Tips For Mouse Use

  • The best placement for your mouse is right above the keyboard, near the number keypad. This promotes extension of the arm and ease of use.
  • Keep wrists in straight or in neutral position. Avoid planting wrists on wrist rest or other surface.
  • Keep elbows open- at an angle greater than 90*. Keep keyboard and mouse at same level to avoid overextending the arm.
  • Avoid pounding on the keyboard. Use a light touch when keying. Consider using keyboard shortcuts to repeat common tasks.
  • Hold the mouse gently and move it over the mouse pad in a gliding manner. You may want to consider the purchase of an ergonomic mouse to ease wrist pain.
  • Don’t flick the mouse with your wrist. Controlled movements and a neutral mouse will reduce the risk of carpal tunnel.
  • Sit back in your chair, relax your arms then lift your mousing hand up, pivoting at the elbow, until your hand is just above elbow level.
  • Mouse movements should be made with the elbow as the pivot point and not the wrist. Anything that restricts free movement in the hand and forearm will increase your risk for injury.
  • When you’re not using the mouse, it is not necessary to keep your hand over it. This tip may be simple enough, but users sometimes unconsciously leave their hand on the mouse when not in use.
  • Consider installing software that monitors your mouse usage. These programs, such as Break Reminder and ErgoManager, will recommend when it is time to take a break and track how much you are using the device.

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  • Use a mouse that is as flat as possible to reduce wrist extension. Find a mouse that encourages wrist movement and offers a variety in your posture. A curved mouse will increase your risk for injury.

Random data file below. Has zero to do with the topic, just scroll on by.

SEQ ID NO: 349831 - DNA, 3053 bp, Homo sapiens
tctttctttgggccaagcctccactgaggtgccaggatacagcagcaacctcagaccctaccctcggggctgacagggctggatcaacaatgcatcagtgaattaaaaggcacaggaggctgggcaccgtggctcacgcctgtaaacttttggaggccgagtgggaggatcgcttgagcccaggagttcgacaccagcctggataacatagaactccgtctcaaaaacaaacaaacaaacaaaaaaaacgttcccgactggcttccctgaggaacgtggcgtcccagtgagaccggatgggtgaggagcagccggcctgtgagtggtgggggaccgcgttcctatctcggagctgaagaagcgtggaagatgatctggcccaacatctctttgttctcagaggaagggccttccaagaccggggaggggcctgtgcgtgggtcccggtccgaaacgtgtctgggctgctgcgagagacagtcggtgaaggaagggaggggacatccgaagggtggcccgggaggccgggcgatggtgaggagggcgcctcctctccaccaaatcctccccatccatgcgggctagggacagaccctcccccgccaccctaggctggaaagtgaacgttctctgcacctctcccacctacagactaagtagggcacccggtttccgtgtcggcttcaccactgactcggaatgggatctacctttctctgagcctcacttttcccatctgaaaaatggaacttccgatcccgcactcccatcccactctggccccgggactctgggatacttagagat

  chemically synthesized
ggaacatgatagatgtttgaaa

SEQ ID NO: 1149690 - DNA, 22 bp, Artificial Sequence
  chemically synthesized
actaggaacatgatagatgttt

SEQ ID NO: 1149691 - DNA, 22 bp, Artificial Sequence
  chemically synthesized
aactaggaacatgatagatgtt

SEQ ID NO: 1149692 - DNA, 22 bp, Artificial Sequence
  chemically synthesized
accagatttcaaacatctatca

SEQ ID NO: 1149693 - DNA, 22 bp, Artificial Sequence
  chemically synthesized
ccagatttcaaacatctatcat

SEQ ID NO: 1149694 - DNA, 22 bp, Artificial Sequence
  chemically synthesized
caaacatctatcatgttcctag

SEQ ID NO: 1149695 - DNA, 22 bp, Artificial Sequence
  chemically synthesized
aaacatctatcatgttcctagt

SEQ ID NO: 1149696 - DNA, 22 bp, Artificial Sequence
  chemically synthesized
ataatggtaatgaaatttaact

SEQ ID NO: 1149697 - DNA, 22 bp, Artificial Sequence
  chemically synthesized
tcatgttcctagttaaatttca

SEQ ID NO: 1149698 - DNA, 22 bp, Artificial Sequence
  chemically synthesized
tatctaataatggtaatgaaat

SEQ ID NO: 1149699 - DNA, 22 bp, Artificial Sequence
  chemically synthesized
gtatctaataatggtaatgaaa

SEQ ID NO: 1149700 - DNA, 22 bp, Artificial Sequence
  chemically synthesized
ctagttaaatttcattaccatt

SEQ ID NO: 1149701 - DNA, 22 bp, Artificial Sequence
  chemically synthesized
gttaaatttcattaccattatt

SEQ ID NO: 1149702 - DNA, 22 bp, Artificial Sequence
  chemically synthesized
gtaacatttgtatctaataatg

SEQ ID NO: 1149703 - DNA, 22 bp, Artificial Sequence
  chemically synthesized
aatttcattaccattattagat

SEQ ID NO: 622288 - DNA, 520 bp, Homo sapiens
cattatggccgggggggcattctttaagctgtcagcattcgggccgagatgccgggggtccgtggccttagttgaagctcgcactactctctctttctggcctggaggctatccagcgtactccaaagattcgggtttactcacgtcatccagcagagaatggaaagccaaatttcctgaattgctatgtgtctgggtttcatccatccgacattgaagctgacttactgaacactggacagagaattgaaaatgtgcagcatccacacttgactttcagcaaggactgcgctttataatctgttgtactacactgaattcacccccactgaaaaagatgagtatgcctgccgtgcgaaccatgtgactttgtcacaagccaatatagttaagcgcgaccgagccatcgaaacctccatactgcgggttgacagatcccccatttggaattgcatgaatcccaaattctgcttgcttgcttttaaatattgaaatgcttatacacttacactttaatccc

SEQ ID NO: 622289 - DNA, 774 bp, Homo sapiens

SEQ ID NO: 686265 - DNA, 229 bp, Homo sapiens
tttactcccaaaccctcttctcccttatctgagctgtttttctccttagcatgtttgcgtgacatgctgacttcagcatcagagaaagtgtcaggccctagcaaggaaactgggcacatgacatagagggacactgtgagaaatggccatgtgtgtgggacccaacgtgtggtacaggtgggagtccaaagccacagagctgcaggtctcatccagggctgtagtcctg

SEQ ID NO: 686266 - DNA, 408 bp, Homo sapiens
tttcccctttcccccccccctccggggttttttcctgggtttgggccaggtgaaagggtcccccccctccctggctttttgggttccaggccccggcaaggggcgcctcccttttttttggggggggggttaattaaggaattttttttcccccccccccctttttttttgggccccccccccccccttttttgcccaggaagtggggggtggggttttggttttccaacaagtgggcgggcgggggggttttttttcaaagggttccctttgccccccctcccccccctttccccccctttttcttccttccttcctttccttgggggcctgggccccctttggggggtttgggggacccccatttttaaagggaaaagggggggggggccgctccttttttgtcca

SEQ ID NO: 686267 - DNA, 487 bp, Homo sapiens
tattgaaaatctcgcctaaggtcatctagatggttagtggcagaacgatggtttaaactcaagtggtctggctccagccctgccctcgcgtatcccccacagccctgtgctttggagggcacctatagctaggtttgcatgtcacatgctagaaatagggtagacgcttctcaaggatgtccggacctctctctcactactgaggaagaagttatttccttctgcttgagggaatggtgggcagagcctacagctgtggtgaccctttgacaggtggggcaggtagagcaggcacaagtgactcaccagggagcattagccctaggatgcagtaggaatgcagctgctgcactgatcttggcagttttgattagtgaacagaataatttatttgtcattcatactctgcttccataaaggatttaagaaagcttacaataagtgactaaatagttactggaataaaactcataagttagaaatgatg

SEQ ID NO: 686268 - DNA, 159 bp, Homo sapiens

• Avoid using a wrist cushion. Research has shown that these cushions double the pressure inside of the carpal tunnel. The use of a small wrist cushion will also force you to restrict the movement of your arms, which can also lead to wrist pain.
  • With a softly padded wrist rest, especially one that is rounded, or a soft chair arm rest the forearm becomes “locked” into position and this encourages people to make mouse movements by flicking the wrist, which also increases intracarpal pressure.
  • Avoid any jewelry, watches or long-sleeved shirts that can restrict the blood from circulating to your wrist.
  • Take note of your posture. Are you sitting up straight, or does your lower back feel better when you are hunched over your computer desk. An ergonomic mouse is designed to improve your posture.
  • Vary your posture while using a computer mouse. Take breaks every hour, or stand up for a few moments to stretch your muscles.
  • If you want to load share between your right and left hands, that is using the mouse for some of the time with each hand. For this you need to choose a mouse platform that can easily be configured to the left or/and right, and a symmetrical shaped mouse that can be used by either hand.
  • It is important to have plenty of room for the mouse. This is a common mistake with the mouse being placed at the edge of the desk. The result is that the user rests the arm on the wrist at the edge of the table and pivots the mouse from the wrist.
  • Choose a mouse design that fits your hand but is as flat as possible to reduce wrist extension. Don’t use a curved mouse. Use a symmetrically shaped mouse.

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